government: Costitutional monarchy
state of civil and political rights: Not free
constitution: 14 February 2002
legal system: based on Islamic law and English common law
legislative system: bicameral legislature consists of the Consultative Council and the Council of Representatives or Chamber of Deputies
judicial system: High Civil Appeals Court
religion: 82% Muslim; 9% Christian; 9% other minorities
death row: 14 (as of April 28, 2017, according Americans for Democracy and Human Rights in Bahrain)
year of last executions: 0-7-2010
death sentences: 5
international treaties on human rights and the death penalty:
International Covenant on Civil and Political Rights
Convention on the Rights of the Child
Convention Against Torture and Other Cruel, Inhuman or Degrading Treatment or Punishment
Statute of the International Criminal Court (which excludes the death penalty) (only signed)
The offences for which capital punishment either can or must be applied are: aggravated murder,
murder, other offenses resulting in death, terrorism, rape of child, arson of a
public or Government building, even if it does not result in death; drug trafficking;
treason, espionage, other military offenses.
In March 1999 Sheikh Hamad Bin `Issa Al Khalifa succeeded his late father
Sheikh Salman bin ‘Issa al-Khalifa as emir. The change of government brought
about some democratic reforms. Bahrain became a constitutional monarchy in 2002
and Sheik Hamad’s title was changed to king.
On October 31, 2002, Bahrain held parliamentary elections for the first time in
nearly 30 years, to elect the 40-member Council of Deputies. Women participated
for the first time, voting and standing as candidates, though failing to win a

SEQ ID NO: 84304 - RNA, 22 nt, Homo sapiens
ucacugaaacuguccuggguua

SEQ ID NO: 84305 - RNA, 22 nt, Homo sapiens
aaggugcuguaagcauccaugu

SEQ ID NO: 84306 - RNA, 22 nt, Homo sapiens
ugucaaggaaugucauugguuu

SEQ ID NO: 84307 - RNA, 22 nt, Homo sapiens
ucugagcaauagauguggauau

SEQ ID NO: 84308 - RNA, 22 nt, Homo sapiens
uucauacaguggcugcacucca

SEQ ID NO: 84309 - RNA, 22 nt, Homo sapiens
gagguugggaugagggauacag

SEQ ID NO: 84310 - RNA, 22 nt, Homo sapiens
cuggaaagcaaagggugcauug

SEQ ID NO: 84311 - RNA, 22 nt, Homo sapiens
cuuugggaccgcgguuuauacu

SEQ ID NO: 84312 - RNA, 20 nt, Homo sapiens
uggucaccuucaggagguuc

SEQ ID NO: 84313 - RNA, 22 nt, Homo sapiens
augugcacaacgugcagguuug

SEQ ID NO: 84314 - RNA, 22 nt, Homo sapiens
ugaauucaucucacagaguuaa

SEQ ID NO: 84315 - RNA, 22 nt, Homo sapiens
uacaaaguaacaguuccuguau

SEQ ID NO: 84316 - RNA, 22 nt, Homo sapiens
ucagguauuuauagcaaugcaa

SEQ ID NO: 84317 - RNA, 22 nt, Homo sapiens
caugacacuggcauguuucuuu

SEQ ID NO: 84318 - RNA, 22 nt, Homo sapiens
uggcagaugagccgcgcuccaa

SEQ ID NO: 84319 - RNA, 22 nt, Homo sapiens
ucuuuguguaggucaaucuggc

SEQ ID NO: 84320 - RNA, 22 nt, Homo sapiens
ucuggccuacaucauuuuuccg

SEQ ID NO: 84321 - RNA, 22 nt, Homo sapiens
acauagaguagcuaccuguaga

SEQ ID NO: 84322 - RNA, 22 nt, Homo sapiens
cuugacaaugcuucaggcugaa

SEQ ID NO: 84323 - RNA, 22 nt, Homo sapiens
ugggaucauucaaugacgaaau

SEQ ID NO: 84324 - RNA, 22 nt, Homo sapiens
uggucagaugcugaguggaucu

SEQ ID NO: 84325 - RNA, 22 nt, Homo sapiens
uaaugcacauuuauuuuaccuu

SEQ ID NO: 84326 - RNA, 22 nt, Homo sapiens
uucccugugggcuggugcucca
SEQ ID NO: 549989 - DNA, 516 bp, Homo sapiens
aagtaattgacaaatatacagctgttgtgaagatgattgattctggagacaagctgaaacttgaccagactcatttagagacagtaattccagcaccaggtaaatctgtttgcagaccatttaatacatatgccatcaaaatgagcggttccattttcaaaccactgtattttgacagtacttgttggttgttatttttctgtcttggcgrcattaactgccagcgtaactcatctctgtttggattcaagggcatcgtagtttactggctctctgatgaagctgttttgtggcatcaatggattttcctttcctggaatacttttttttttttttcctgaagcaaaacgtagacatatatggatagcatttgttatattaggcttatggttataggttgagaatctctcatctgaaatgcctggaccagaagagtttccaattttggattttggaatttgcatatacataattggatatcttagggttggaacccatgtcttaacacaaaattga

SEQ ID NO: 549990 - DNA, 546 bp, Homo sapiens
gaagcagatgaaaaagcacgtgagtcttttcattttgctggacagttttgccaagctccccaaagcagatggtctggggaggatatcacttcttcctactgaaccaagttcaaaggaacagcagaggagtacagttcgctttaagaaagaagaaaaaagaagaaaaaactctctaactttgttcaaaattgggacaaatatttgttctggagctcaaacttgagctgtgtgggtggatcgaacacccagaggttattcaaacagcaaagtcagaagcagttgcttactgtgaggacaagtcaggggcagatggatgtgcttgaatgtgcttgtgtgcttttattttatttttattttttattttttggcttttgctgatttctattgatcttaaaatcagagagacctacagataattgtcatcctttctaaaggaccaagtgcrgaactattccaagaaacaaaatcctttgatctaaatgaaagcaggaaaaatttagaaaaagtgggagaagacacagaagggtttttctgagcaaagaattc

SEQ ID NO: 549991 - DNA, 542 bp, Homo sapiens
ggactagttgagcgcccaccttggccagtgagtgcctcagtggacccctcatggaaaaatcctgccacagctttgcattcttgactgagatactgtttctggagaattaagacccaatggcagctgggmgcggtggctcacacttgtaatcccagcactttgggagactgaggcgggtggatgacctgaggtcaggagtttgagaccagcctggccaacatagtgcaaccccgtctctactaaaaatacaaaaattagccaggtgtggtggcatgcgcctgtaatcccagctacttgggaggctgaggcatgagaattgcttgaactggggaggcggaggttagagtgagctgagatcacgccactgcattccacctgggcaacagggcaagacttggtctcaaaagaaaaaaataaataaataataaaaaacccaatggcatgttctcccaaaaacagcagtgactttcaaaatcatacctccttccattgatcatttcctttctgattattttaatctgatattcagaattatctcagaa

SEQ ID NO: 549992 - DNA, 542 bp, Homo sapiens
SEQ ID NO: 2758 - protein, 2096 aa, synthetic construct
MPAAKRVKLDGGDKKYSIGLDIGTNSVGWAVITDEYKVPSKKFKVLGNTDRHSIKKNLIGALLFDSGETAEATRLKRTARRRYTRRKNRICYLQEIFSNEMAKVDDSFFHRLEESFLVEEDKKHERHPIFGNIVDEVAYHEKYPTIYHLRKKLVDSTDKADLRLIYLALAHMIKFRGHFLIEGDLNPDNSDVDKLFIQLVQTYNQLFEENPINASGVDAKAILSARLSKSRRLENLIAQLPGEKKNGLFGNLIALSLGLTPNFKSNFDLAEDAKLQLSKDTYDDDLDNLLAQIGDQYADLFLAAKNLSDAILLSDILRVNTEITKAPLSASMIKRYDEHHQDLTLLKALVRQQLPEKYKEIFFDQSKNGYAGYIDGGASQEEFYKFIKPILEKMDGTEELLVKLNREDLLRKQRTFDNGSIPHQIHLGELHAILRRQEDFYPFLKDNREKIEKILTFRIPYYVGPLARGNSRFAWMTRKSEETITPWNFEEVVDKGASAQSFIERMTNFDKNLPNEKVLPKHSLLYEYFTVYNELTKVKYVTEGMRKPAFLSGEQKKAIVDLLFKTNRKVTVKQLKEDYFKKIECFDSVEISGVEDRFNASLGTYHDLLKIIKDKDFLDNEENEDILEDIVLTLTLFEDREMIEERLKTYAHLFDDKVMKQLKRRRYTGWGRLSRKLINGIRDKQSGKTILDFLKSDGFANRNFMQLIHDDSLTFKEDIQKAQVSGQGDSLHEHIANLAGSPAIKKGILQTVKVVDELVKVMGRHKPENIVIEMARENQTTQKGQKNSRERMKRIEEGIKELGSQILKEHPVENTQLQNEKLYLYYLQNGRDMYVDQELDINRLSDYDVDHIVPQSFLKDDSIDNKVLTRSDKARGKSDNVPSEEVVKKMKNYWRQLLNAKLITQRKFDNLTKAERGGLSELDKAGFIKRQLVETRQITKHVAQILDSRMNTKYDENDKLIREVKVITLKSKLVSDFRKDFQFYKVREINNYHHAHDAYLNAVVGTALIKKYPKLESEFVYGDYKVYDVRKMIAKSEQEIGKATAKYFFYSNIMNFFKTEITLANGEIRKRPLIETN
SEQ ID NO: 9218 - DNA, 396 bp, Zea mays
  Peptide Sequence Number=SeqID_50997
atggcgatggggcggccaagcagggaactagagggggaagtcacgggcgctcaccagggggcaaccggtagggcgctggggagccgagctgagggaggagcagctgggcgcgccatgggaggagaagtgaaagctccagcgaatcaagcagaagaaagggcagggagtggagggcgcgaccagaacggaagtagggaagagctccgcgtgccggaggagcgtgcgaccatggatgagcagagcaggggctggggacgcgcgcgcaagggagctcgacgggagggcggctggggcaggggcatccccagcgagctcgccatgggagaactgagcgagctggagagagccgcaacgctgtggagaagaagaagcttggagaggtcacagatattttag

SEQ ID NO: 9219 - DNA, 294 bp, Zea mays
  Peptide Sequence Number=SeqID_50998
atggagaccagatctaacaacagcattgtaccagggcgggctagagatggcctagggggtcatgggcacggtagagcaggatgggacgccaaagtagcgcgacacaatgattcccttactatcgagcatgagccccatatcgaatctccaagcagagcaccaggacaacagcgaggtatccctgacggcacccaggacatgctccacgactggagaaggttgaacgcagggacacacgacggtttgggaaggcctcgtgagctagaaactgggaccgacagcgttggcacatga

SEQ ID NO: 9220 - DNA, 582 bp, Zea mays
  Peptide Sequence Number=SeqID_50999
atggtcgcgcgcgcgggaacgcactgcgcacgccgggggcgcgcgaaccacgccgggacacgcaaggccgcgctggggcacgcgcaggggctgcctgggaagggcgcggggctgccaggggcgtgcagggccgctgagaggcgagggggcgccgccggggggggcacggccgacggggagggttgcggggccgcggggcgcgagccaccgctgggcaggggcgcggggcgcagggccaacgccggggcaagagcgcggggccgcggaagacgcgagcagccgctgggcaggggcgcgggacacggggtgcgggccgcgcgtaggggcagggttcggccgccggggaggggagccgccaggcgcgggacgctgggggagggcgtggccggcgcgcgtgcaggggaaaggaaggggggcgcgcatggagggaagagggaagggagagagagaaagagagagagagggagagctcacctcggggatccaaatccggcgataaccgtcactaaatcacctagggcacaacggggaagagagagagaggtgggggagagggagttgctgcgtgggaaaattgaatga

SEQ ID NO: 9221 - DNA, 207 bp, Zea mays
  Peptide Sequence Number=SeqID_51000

On August 1, 2013, Bahrain’s King Hamad decreed stiffer penalties for
“terror acts” in the country rocked by a Shiite-led uprising since 2011. Under
a new law, suspects convicted for bomb attacks will be sentenced to life
imprisonment or to death in cases of casualties.
The first execution in 20 years took place on March 29, 1996. The last
execution was in July 2010, when a Bangladeshi national, Jassim Abdulmanan, was
executed for murdering another Bangladeshi man.
Execution is carried out by firing squad. The inmate is strapped to a chair
with their eyes covered and a sponge placed on their chest so stop the blood
In 2015, for the fifth year running, no executions were carried out.
However, the courts passed eight death sentences, five of which for "terrorism".
On 21 May 2012, Bahrain was reviewed under the Universal Periodic Review of the
UN Human Rights Council. The Government rejected recommendations to establish
an official moratorium on executions with a view to abolishing the death penalty,
stating that such measures would be inconsistent with Bahrain’s Constitution.
On 19 December 2016, Bahrain abstained on the Resolution on a Moratorium on the
Use of the Death Penalty at the UN General Assembly, as in 2014, 2010 and 2008. Bahrain,
in 2012 and 2007, voted against.